Advisory Council on Food and Environmental Hygiene


Regulatory Control of ��Private Kitchens��




                   This paper seeks Members�� comments on the regulatory control of ��private kitchens��. 



2.                                         The operation of ��private kitchens�� is growing in recent years.  These premises are usually different from conventional restaurants in terms of location, mode of operation and size.  In view of the unique nature of ��private kitchens��, the Food and Environmental Hygiene Department (FEHD) has been looking into the feasibility of regularising this new type of food business. 



3.                                         In considering the regularisation of ��private kitchens��, we have taken into account the following factors �V 

(a)              Economic and consumer benefits 

The regularisation of ��private kitchens�� would bring several economic and consumer benefits.  First, ��private kitchens�� are mainly small and easy-to-set-up businesses.  Their regularisation will not only allow existing operations to continue, but also enable newcomers to enter the trade, providing more business and employment opportunities.  Second, dining in ��private kitchens�� is gaining popularity.  Suitably regulated ��private kitchens�� will provide consumers with more choices of dining places.  Third, regularisation will help foster the growth of this form of dining experience, consolidating Hong Kong��s status as a culinary capital. 

(b)             Food hygiene 

      At present, operators of food premises are required to meet certain hygiene requirements relating to food preparation area and storage space, sanitary fitments, grease trap and ventilation system.  In the interest of public health, we must ensure that the health risk to the community posed by ��private kitchens�� is no higher than by other food premises.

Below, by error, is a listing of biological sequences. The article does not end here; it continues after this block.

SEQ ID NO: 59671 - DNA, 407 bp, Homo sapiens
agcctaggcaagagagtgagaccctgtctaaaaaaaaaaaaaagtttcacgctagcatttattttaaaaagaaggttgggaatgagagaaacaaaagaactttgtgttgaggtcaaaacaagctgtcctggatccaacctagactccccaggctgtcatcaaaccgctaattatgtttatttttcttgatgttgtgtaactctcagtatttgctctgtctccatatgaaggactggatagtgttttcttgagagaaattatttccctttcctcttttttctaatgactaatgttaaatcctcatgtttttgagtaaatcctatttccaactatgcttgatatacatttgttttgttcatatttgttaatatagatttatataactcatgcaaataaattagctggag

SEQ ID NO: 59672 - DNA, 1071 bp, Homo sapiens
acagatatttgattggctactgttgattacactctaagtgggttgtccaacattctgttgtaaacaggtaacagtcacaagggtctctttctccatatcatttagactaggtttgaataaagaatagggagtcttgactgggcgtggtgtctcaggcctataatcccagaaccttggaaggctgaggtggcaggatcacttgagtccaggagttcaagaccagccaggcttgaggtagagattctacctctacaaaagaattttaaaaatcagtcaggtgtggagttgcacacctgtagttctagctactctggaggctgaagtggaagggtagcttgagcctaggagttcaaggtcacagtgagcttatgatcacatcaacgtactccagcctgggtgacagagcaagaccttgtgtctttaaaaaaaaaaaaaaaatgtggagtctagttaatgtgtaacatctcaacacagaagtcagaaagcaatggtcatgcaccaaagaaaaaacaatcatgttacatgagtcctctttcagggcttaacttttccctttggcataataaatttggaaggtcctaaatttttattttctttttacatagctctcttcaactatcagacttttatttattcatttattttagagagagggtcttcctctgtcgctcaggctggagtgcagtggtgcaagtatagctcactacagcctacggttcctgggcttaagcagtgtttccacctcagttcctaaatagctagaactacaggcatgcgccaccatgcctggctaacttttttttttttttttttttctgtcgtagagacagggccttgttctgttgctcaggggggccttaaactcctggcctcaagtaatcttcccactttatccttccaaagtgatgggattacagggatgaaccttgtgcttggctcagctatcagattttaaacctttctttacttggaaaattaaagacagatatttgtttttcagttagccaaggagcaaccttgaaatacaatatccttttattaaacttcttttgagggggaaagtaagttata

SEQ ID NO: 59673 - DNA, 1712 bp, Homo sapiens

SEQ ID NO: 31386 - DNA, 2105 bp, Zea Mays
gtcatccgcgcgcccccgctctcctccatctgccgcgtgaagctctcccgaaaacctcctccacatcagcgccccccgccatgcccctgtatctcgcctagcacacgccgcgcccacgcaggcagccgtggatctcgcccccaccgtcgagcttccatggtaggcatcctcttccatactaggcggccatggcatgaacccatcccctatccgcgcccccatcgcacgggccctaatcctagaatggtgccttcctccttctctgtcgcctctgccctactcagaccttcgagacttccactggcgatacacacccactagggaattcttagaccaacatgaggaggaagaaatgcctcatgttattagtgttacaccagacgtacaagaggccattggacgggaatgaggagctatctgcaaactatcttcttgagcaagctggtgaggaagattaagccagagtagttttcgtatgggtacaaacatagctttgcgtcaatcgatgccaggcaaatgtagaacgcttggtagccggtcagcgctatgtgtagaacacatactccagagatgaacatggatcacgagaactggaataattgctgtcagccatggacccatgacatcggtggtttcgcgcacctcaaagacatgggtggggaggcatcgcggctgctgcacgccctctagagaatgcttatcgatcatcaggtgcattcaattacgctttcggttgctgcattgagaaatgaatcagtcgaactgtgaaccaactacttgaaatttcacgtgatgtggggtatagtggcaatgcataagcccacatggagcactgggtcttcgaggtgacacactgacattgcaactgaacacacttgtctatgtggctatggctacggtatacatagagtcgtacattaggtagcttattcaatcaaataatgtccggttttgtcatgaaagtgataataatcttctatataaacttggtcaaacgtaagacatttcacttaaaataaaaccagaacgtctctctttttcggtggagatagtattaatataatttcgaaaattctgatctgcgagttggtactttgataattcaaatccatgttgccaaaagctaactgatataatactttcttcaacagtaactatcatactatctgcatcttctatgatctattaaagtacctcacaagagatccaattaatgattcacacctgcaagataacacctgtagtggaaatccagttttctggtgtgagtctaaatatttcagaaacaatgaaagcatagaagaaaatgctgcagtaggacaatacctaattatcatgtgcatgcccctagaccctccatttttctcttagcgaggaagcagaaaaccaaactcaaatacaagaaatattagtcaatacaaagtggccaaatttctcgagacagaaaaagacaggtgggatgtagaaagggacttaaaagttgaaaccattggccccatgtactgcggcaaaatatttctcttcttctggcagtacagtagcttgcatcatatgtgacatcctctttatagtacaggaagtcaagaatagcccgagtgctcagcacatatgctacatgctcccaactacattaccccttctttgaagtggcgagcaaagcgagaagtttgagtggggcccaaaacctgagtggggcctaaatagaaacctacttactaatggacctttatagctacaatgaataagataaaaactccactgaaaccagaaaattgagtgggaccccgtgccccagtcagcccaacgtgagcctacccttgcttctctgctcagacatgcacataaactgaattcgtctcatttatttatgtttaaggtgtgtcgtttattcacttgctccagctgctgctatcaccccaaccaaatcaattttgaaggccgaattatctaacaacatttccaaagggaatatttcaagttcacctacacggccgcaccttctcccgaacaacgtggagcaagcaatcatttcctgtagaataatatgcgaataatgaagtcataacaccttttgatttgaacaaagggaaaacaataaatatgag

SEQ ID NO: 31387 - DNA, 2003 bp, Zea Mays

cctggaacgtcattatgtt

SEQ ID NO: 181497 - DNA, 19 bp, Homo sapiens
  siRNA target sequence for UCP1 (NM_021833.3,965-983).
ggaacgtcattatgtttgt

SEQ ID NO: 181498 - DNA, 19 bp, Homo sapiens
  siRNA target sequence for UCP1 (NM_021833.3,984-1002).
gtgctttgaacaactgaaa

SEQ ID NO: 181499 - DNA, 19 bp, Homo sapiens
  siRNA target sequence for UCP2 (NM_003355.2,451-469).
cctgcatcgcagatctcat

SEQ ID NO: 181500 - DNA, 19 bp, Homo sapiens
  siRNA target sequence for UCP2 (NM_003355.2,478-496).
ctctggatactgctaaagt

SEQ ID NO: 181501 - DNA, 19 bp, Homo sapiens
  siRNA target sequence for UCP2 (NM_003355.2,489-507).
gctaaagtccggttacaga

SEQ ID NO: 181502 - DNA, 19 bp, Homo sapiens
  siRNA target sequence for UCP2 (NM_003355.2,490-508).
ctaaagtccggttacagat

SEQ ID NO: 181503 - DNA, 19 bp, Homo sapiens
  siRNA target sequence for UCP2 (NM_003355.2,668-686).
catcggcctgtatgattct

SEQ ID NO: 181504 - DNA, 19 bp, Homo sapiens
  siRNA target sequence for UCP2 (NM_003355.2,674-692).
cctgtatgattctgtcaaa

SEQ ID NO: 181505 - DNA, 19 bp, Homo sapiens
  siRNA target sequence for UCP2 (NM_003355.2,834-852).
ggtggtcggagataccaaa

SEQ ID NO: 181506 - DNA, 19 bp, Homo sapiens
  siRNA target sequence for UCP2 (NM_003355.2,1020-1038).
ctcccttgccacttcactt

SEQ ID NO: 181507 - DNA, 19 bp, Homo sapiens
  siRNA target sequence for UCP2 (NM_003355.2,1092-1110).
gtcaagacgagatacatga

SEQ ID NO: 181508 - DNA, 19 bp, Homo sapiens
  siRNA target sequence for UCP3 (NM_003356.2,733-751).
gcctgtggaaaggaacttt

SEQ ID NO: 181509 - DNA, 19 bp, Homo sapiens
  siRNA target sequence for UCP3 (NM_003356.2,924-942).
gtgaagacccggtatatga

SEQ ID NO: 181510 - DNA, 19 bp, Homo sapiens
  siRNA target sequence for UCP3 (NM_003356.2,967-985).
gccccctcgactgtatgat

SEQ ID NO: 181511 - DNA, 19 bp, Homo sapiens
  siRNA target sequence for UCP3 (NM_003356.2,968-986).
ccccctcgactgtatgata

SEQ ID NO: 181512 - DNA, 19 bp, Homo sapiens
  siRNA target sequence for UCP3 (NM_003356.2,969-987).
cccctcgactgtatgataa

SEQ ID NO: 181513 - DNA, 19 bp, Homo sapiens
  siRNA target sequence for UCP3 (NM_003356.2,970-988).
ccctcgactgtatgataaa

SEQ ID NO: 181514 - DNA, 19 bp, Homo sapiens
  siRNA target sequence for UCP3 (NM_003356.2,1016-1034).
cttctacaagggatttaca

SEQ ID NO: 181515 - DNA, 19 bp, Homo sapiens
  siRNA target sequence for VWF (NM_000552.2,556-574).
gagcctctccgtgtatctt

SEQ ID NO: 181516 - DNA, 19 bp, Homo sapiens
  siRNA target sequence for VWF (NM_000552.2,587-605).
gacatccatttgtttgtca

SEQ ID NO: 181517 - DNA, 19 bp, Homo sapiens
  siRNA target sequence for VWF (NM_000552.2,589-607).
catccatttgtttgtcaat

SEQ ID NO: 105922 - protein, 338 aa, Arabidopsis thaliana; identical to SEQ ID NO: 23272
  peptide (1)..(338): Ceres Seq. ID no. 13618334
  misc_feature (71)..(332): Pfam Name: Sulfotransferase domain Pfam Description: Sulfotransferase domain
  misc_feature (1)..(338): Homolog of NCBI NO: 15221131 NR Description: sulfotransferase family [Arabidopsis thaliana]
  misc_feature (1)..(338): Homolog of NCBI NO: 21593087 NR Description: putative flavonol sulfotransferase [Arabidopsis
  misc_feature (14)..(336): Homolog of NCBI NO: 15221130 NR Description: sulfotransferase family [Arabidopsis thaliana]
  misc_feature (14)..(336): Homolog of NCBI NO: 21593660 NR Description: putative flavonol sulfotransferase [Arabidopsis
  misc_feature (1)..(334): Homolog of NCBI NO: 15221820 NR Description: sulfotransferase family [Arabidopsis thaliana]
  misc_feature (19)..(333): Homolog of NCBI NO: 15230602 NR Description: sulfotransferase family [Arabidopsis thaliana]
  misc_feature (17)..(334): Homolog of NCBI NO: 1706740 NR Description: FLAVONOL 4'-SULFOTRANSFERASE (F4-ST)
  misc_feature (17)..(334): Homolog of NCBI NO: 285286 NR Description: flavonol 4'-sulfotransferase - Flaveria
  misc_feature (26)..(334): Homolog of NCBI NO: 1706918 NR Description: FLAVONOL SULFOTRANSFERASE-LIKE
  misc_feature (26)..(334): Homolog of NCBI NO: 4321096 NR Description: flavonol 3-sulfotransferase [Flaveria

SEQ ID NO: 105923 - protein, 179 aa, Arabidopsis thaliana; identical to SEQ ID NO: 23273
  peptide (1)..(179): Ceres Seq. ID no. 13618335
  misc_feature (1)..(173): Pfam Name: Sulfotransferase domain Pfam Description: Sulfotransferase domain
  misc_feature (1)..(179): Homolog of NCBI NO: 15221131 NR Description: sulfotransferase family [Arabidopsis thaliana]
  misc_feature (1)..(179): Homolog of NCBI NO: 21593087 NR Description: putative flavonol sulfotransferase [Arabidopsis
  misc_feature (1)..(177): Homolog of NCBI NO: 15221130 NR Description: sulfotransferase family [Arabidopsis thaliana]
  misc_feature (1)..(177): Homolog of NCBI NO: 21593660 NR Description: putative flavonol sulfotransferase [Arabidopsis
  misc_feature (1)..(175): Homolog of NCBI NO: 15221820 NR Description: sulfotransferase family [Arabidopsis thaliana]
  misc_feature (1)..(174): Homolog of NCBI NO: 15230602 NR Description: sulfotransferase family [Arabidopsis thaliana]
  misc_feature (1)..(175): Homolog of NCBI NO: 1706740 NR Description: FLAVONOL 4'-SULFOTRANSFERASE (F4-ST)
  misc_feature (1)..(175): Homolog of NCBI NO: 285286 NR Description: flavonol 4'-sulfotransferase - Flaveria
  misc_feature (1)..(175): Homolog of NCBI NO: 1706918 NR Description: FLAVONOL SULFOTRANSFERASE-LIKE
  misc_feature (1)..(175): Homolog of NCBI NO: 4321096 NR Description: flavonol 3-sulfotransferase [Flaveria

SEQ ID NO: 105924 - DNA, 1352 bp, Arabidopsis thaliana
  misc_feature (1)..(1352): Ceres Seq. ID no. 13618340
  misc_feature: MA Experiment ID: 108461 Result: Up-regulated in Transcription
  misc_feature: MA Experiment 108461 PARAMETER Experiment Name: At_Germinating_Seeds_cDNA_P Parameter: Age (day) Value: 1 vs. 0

(c)              Public safety 

While recognising that building and fire requirements may be suitably adjusted to take account of the lesser scale of operation of ��private kitchens��, public safety must be ensured in devising any proposed regularisation scheme.  Proper requirements in respect of means of escape and fire safety measures must be in place to protect the patrons as well as the neighbours. 

(d)             Possible nuisances to neighbours 

The operation of a food business within a multi-storey building can potentially give rise to environmental nuisances such as smell, fume and noise to the displeasure of the neighbours.  This would be more so if, after regularisation, several more ��private kitchens�� are set up in the same building.  This concern needs to be taken into account to keep possible nuisances to a minimum. 

(e)              Planning and land use issues 

Unless with the approval of the Town Planning Board, commercial activities (including the operation of ��private kitchens��) are normally not allowed in domestic portion of buildings located in areas designated for residential use under outline zoning plans.  Likewise, the land lease and the deed of mutual covenant of the building concerned may not allow the operation of ��private kitchens��.  While there are advantages in facilitating the operation of ��private kitchens��, planning/land lease requirements and the rights of the property owners concerned should also be respected and catered for in any regularisation scheme.  




4.                   In the process of devising the regulatory framework for ��private kitchens��, we have also consulted stakeholders and partie   concerned.  The views expressed so far on the regularisation of ��private kitchens�� are summarised as follows �V


(a)              Restaurant operators


The restaurant trade felt strongly that ��private kitchens�� should be subject to licensing control.  They considered that ��private kitchens�� were operating on a lower cost base and posing unfair competition to licensed food operators.  These kitchens were taking business away from them.  Some doubted if ��private kitchens�� had helped in promoting tourism as claimed. 


(b)             ��Private kitchen�� operators